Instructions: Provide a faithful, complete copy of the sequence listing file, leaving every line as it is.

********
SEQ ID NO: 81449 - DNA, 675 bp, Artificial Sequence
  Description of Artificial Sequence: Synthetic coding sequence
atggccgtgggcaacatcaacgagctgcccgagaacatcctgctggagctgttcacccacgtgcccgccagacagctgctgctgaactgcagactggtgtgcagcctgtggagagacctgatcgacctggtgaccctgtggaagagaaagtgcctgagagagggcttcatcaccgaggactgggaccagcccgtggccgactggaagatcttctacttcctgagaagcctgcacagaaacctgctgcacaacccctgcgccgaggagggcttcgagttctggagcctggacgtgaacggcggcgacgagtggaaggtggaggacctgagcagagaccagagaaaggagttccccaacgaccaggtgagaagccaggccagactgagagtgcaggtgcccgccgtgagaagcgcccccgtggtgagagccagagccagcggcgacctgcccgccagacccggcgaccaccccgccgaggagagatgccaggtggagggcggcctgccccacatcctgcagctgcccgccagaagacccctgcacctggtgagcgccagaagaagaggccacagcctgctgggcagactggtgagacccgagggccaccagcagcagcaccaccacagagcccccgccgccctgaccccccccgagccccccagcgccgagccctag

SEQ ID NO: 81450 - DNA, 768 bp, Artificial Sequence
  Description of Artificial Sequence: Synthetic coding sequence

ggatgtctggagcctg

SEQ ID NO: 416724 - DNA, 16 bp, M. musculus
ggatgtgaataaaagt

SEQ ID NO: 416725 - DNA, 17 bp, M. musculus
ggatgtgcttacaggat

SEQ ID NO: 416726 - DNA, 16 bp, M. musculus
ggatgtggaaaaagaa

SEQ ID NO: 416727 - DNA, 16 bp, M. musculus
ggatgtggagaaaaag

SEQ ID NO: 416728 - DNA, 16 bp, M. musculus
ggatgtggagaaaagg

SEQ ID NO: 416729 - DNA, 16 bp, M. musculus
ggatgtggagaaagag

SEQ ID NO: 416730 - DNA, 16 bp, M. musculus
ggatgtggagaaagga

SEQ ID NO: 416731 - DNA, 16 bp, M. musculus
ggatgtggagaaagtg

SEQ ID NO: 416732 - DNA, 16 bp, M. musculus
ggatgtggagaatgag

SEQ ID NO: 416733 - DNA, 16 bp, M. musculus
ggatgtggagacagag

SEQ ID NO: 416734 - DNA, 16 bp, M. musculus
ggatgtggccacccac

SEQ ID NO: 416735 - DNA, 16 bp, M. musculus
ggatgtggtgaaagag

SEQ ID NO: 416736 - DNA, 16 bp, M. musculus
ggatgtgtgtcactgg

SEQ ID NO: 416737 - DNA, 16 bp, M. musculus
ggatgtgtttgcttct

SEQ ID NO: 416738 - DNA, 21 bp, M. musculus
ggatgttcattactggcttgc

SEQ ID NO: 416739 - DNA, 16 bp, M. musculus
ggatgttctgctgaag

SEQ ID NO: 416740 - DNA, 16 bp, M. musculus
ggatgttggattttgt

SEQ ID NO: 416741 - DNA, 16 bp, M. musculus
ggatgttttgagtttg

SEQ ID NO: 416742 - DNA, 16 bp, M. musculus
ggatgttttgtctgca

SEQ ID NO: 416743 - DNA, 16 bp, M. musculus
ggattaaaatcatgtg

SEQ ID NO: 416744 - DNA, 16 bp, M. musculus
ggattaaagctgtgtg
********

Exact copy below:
SEQ ID NO: 81449 - DNA, 675 bp, Artificial Sequence
  Description of Artificial Sequence: Synthetic coding sequence
atggccgtgggcaacatcaacgagctgcccgagaacatcctgctggagctgttcacccacgtgcccgccagacagctgctgctgaactgcagactggtgtgcagcctgtggagagacctgatcgacctggtgaccctgtggaagagaaagtgcctgagagagggcttcatcaccgaggactgggaccagcccgtggccgactggaagatcttctacttcctgagaagcctgcacagaaacctgctgcacaacccctgcgccgaggagggcttcgagttctggagcctggacgtgaacggcggcgacgagtggaaggtggaggacctgagcagagaccagagaaaggagttccccaacgaccaggtgagaagccaggccagactgagagtgcaggtgcccgccgtgagaagcgcccccgtggtgagagccagagccagcggcgacctgcccgccagacccggcgaccaccccgccgaggagagatgccaggtggagggcggcctgccccacatcctgcagctgcccgccagaagacccctgcacctggtgagcgccagaagaagaggccacagcctgctgggcagactggtgagacccgagggccaccagcagcagcaccaccacagagcccccgccgccctgaccccccccgagccccccagcgccgagccctag

SEQ ID NO: 81450 - DNA, 768 bp, Artificial Sequence
  Description of Artificial Sequence: Synthetic coding sequence

ggatgtctggagcctg

SEQ ID NO: 416724 - DNA, 16 bp, M. musculus
ggatgtgaataaaagt

SEQ ID NO: 416725 - DNA, 17 bp, M. musculus
ggatgtgcttacaggat

SEQ ID NO: 416726 - DNA, 16 bp, M. musculus
ggatgtggaaaaagaa

SEQ ID NO: 416727 - DNA, 16 bp, M. musculus
ggatgtggagaaaaag

SEQ ID NO: 416728 - DNA, 16 bp, M. musculus
ggatgtggagaaaagg

SEQ ID NO: 416729 - DNA, 16 bp, M. musculus
ggatgtggagaaagag

SEQ ID NO: 416730 - DNA, 16 bp, M. musculus
ggatgtggagaaagga

SEQ ID NO: 416731 - DNA, 16 bp, M. musculus
ggatgtggagaaagtg

SEQ ID NO: 416732 - DNA, 16 bp, M. musculus
ggatgtggagaatgag

SEQ ID NO: 416733 - DNA, 16 bp, M. musculus
ggatgtggagacagag

SEQ ID NO: 416734 - DNA, 16 bp, M. musculus
ggatgtggccacccac

SEQ ID NO: 416735 - DNA, 16 bp, M. musculus
ggatgtggtgaaagag

SEQ ID NO: 416736 - DNA, 16 bp, M. musculus
ggatgtgtgtcactgg

SEQ ID NO: 416737 - DNA, 16 bp, M. musculus
ggatgtgtttgcttct

SEQ ID NO: 416738 - DNA, 21 bp, M. musculus
ggatgttcattactggcttgc

SEQ ID NO: 416739 - DNA, 16 bp, M. musculus
ggatgttctgctgaag

SEQ ID NO: 416740 - DNA, 16 bp, M. musculus
ggatgttggattttgt

SEQ ID NO: 416741 - DNA, 16 bp, M. musculus
ggatgttttgagtttg

SEQ ID NO: 416742 - DNA, 16 bp, M. musculus
ggatgttttgtctgca

SEQ ID NO: 416743 - DNA, 16 bp, M. musculus
ggattaaaatcatgtg

SEQ ID NO: 416744 - DNA, 16 bp, M. musculus
ggattaaagctgtgtg